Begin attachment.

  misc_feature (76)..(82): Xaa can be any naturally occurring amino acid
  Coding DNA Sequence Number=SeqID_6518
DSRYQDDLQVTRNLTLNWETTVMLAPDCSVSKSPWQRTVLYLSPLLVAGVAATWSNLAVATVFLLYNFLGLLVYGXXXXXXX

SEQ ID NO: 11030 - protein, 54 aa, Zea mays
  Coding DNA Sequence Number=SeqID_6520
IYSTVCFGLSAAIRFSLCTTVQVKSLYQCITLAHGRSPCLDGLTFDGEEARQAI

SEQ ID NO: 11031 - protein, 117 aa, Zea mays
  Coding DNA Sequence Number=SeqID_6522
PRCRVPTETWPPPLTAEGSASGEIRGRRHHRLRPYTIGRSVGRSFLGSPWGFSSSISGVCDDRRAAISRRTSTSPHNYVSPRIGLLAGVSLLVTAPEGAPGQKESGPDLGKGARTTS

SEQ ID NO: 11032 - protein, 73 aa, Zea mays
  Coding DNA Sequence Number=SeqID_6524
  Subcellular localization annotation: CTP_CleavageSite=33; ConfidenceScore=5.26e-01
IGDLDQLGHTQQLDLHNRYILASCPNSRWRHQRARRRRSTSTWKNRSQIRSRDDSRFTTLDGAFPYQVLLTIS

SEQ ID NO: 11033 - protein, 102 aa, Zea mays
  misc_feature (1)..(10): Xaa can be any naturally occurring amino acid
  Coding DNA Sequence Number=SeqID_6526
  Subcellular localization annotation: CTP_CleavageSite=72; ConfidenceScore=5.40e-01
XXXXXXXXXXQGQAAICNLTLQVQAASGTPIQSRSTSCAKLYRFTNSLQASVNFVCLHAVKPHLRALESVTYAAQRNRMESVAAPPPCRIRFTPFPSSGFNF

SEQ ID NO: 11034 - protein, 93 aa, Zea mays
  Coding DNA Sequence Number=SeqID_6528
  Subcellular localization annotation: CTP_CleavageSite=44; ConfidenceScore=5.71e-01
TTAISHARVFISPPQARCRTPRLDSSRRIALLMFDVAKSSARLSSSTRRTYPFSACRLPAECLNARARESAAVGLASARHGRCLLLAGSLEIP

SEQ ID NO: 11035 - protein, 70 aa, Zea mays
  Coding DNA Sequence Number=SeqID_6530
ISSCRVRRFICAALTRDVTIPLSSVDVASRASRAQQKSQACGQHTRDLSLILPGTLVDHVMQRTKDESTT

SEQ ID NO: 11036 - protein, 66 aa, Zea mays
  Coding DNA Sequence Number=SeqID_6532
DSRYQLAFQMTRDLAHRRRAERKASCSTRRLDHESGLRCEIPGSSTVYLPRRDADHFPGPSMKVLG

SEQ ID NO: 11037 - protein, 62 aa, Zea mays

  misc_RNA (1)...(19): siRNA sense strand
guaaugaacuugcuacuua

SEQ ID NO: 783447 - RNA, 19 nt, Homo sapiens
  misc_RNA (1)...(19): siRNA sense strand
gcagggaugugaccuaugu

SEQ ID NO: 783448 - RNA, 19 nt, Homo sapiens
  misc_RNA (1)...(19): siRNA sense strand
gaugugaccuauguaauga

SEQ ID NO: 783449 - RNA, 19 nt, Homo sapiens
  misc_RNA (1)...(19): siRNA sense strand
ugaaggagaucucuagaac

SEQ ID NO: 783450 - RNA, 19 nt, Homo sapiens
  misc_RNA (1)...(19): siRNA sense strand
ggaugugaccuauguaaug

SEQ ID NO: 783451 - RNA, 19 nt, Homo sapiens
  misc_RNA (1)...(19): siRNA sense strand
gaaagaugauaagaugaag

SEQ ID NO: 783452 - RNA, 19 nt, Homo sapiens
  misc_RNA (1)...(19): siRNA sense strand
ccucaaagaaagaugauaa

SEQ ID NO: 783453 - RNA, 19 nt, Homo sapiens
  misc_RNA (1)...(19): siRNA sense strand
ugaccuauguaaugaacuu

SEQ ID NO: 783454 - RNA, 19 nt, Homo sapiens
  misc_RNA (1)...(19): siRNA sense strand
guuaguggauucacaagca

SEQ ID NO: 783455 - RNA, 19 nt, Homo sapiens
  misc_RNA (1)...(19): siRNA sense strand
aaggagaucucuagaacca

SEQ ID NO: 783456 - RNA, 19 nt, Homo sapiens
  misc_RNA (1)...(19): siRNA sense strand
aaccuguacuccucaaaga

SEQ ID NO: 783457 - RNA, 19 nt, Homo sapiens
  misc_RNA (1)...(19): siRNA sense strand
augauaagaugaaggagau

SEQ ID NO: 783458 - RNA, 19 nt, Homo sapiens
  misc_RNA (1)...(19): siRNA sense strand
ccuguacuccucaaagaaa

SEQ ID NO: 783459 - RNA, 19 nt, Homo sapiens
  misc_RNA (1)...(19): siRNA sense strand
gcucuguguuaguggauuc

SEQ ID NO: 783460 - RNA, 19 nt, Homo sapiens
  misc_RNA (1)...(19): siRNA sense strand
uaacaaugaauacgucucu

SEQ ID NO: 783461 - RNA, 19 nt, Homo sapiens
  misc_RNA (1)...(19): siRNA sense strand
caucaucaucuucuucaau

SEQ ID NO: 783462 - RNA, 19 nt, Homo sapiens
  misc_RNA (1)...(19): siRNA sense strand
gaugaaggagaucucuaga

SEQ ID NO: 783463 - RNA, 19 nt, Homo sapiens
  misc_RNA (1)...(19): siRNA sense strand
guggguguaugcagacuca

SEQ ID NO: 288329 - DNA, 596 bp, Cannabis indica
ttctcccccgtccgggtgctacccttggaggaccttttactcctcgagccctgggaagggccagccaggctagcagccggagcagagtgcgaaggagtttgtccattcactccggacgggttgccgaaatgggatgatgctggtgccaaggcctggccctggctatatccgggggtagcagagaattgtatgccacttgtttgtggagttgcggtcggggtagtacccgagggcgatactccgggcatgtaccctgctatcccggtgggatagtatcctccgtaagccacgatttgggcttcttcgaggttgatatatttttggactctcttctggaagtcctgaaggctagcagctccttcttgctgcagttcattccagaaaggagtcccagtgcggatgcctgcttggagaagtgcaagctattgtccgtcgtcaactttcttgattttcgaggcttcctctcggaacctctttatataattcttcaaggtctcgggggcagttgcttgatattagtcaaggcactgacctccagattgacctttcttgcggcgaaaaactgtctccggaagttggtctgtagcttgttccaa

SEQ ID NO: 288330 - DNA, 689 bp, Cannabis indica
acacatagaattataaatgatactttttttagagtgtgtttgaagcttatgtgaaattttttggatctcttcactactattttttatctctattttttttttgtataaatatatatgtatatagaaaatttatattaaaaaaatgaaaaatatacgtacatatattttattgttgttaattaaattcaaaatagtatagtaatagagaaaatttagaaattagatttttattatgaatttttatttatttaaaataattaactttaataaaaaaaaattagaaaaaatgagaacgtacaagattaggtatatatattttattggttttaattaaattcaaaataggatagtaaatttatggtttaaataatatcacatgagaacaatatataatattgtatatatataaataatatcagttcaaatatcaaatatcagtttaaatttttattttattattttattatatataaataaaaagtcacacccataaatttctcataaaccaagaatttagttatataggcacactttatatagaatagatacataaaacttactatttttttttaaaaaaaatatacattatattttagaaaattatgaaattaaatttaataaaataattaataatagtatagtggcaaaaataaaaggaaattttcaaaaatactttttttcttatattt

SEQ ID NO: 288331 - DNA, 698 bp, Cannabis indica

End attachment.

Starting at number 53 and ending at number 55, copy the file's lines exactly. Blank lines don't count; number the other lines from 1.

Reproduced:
SEQ ID NO: 783454 - RNA, 19 nt, Homo sapiens
  misc_RNA (1)...(19): siRNA sense strand
guuaguggauucacaagca